Paula over at Paula’s Cinema Club has presented the blogging world with an interesting question: what movies from 2000 to present day will endure to become a future classic? The 2000s have already been fruitful for great films, and there are an extraordinary amount of excellent options to choose from. After narrowing down my list, I kept eyeing one particular film:
Requiem for a Dream is director Darren Aronofsky’s second full-length film, and it is one that is unforgettable for those who have seen it. The film revolves around four Coney Island residents, all who struggle with their own personal addictions.
Ellen Burstyn, in an Oscar nominated role, stars as Sara Goldfarb, a lonely widow who spends her days watching television and eating whatever is in her typically full refrigerator. After receiving a phone call saying she was selected to be a participant on her favorite game show, Sara begins obsessing over her weight, determined to fit into her old red dress. Her attempt to follow a diet plan fails miserably, so she goes to the doctor and gets a prescription of diet pills. She becomes addicted to them.
Her son, Harry (Jared Leto), is a heroin junkie who makes a habit of stealing her television and pawning it off for drug money. He regularly dreams of getting rich off a big score with his pal Tyrone C. Love (Marlon Wayans). Harry’s girlfriend, Marion Silver (Jennifer Connelly), hopes to open a fashion store and is relying on him to strike it rich. All three are users.
As the film progresses, all four main characters hit rock bottom, and we are there with them for every step of the way. This is a brutal movie experience, one that shows the extreme depths that addicts can ultimately reach.
So why will Requiem for a Dream be considered a classic in the future? Let’s take a look:
The Subject Matter
Drug abuse isn’t going away anytime soon. It has been over ten years since Requiem was released, and our country still has an out-of-control drug problem. I don’t see this changing at all, if ever, and Requiem’s message will ring true for countless years.
Darren Aronofsky is still young and should have a long career ahead of him, but there is no denying the man’s talent and repertoire already. Few people can capture the essence of self destruction like Aronofsky, and he uses some creative techniques to show the effects that drugs are having on these characters. Requiem has over 2,000 cuts (most movies of this length have 600-700), and it uses extremely quick shots to show the rapid effects of drugs entering the body. Take a look at this montage as an example:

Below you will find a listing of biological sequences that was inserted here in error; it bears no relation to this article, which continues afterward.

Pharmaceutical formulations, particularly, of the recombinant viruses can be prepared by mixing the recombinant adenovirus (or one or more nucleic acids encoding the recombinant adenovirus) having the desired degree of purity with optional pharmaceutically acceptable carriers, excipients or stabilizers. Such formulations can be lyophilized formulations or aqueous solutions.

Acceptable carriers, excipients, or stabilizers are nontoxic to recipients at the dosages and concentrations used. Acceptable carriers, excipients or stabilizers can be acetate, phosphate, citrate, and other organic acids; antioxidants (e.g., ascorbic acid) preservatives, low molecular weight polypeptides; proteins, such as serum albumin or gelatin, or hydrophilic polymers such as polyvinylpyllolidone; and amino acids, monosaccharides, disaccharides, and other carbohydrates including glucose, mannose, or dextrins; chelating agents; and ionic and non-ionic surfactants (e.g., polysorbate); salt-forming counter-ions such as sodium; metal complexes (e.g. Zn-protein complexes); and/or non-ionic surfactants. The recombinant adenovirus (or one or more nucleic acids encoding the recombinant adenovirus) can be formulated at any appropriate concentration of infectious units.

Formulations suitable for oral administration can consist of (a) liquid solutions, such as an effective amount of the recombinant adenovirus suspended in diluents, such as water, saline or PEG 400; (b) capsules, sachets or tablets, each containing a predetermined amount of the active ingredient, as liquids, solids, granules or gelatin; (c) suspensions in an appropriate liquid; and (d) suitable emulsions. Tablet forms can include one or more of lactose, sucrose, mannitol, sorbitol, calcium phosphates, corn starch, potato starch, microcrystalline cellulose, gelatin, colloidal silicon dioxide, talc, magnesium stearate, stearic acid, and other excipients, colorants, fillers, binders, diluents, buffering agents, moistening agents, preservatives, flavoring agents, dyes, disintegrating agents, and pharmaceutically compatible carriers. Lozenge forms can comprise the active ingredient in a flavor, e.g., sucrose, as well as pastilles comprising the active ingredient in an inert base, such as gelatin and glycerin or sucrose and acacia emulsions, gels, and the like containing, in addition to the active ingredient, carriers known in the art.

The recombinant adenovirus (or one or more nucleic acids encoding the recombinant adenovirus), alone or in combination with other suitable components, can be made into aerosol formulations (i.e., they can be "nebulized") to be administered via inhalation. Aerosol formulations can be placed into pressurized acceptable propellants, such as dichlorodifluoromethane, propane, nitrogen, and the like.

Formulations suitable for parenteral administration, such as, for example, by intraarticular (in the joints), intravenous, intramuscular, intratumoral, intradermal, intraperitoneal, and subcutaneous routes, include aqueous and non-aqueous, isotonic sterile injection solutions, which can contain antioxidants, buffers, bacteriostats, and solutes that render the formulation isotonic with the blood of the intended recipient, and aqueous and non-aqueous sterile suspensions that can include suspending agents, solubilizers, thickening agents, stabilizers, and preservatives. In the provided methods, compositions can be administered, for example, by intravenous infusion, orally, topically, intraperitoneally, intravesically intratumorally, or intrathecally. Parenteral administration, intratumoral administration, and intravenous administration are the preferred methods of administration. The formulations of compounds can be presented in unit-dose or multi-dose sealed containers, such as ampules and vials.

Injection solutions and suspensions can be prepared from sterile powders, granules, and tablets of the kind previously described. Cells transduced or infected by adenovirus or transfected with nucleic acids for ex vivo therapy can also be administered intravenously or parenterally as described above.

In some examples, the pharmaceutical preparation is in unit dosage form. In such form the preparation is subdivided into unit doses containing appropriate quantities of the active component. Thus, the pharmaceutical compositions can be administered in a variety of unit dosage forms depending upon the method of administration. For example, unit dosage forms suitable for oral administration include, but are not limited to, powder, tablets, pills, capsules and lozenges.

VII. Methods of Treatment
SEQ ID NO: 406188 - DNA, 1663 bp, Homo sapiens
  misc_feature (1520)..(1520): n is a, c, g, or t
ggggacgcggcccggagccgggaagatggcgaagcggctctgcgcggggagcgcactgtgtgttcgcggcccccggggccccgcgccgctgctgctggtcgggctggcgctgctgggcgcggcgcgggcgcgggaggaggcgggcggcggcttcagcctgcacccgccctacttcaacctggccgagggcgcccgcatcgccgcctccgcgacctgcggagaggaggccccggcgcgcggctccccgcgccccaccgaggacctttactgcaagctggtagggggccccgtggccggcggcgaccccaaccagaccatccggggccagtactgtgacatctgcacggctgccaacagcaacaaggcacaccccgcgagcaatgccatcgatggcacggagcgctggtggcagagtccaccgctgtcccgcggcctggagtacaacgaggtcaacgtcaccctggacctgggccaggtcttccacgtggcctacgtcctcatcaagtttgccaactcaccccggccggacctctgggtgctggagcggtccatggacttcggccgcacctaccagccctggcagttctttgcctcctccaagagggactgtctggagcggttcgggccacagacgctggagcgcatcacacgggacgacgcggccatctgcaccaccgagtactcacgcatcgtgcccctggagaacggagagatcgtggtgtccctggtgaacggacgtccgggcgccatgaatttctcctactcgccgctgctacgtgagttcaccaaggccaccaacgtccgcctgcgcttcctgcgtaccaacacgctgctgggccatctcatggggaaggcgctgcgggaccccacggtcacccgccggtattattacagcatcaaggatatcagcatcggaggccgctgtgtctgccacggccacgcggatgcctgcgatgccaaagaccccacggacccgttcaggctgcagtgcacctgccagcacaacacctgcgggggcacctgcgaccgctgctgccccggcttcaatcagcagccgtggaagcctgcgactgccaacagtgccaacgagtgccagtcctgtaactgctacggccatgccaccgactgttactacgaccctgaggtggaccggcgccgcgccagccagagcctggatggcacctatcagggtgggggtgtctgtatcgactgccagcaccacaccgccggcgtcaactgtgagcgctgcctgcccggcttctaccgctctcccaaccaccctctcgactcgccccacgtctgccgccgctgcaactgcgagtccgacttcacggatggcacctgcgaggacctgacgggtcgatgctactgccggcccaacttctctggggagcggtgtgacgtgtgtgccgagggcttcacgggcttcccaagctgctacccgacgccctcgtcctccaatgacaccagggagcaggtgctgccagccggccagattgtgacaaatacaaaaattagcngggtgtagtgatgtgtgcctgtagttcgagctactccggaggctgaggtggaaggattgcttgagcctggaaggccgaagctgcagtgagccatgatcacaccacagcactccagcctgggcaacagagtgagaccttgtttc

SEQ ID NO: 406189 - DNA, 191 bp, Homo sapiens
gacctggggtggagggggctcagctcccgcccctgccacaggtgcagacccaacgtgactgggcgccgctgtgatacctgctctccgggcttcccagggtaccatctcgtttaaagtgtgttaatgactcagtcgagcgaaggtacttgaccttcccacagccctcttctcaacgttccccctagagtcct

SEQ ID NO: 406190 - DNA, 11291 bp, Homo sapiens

On top of this, Aronofsky expertly uses a variety of long tracking shots, time-lapse photography, extreme closeups and faraway views. Looking at the film from a critical standpoint, this is some pretty innovative stuff. By the time all is said and done, I am confident Aronofsky’s name will be included in a list of the all-time greats.
- IMDB: Overall rating of 8.4/10 based on over 280,000 votes (#66 on the Top 250)
- 78% Fresh on Rotten Tomatoes
- Oscar, Golden Globe and Screen Actors Guild nominations for Ellen Burstyn’s lead performance
- Chlotrudis Award for Best Movie (plus another six nominations, including Best Director and Best Screenplay)
- In total, the film won 23 awards and received 38 nominations. IMDB has the full rundown.
Who could ever forget composer Clint Mansell’s opening theme? Every time I hear this song, a rush of emotions comes over me. It’s such a beautiful song, but one that is equally devastating given the context. Listen to the theme in all its glory:
The rest of the soundtrack is equally impressive, a perfect fit for the film. It is so well-loved that it even got its own remix album with mixes by Paul Oakenfold, Delerium and Josh Wink, among others.
I don’t care what anyone says, Ellen Burstyn should have won an Oscar for her performance. Sara Goldfarb’s transformation is just heartbreaking and cruel to watch. I can only imagine how difficult it was for Burstyn. Leto, Connelly and Wayans all deliver what are arguably the best performances of their careers. Special mention must also be made of Christopher McDonald as the TV infomercial host, Tappy Tibbons, in an especially memorable performance.
In order to prepare this post, I gave Requiem for a Dream another watch last night. It had been at least four years since my last viewing, and it is just as amazingly disheartening as I remember. Requiem is a brutal, depressing film, but it is an incredible piece of art that its viewers will never forget. It can be argued that this is already a modern classic, and I am confident that it will hold up in the future as well.